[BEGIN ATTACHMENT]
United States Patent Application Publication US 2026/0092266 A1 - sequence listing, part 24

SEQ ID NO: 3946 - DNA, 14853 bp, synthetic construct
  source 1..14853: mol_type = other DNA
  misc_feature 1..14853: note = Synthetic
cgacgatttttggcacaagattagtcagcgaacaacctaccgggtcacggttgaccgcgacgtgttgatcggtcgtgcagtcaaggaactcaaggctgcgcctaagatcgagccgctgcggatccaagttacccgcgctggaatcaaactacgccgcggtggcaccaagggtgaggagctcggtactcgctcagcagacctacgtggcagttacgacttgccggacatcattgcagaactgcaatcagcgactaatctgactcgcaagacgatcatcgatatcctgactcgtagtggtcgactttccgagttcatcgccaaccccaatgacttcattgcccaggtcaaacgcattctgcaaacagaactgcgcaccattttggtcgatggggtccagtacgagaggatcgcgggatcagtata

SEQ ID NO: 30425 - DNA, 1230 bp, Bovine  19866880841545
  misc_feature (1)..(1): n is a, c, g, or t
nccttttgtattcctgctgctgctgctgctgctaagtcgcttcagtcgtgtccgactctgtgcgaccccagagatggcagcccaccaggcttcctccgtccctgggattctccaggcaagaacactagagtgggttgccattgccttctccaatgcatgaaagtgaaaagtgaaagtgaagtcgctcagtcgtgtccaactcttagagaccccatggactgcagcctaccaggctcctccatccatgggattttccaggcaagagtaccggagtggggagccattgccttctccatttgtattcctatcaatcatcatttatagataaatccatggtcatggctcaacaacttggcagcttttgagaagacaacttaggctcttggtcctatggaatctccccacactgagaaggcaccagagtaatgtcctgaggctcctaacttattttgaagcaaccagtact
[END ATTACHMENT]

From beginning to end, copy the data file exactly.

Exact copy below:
United States Patent Application Publication US 2026/0092266 A1 - sequence listing, part 24

SEQ ID NO: 3946 - DNA, 14853 bp, synthetic construct
  source 1..14853: mol_type = other DNA
  misc_feature 1..14853: note = Synthetic
cgacgatttttggcacaagattagtcagcgaacaacctaccgggtcacggttgaccgcgacgtgttgatcggtcgtgcagtcaaggaactcaaggctgcgcctaagatcgagccgctgcggatccaagttacccgcgctggaatcaaactacgccgcggtggcaccaagggtgaggagctcggtactcgctcagcagacctacgtggcagttacgacttgccggacatcattgcagaactgcaatcagcgactaatctgactcgcaagacgatcatcgatatcctgactcgtagtggtcgactttccgagttcatcgccaaccccaatgacttcattgcccaggtcaaacgcattctgcaaacagaactgcgcaccattttggtcgatggggtccagtacgagaggatcgcgggatcagtata

SEQ ID NO: 30425 - DNA, 1230 bp, Bovine  19866880841545
  misc_feature (1)..(1): n is a, c, g, or t
nccttttgtattcctgctgctgctgctgctgctaagtcgcttcagtcgtgtccgactctgtgcgaccccagagatggcagcccaccaggcttcctccgtccctgggattctccaggcaagaacactagagtgggttgccattgccttctccaatgcatgaaagtgaaaagtgaaagtgaagtcgctcagtcgtgtccaactcttagagaccccatggactgcagcctaccaggctcctccatccatgggattttccaggcaagagtaccggagtggggagccattgccttctccatttgtattcctatcaatcatcatttatagataaatccatggtcatggctcaacaacttggcagcttttgagaagacaacttaggctcttggtcctatggaatctccccacactgagaaggcaccagagtaatgtcctgaggctcctaacttattttgaagcaaccagtact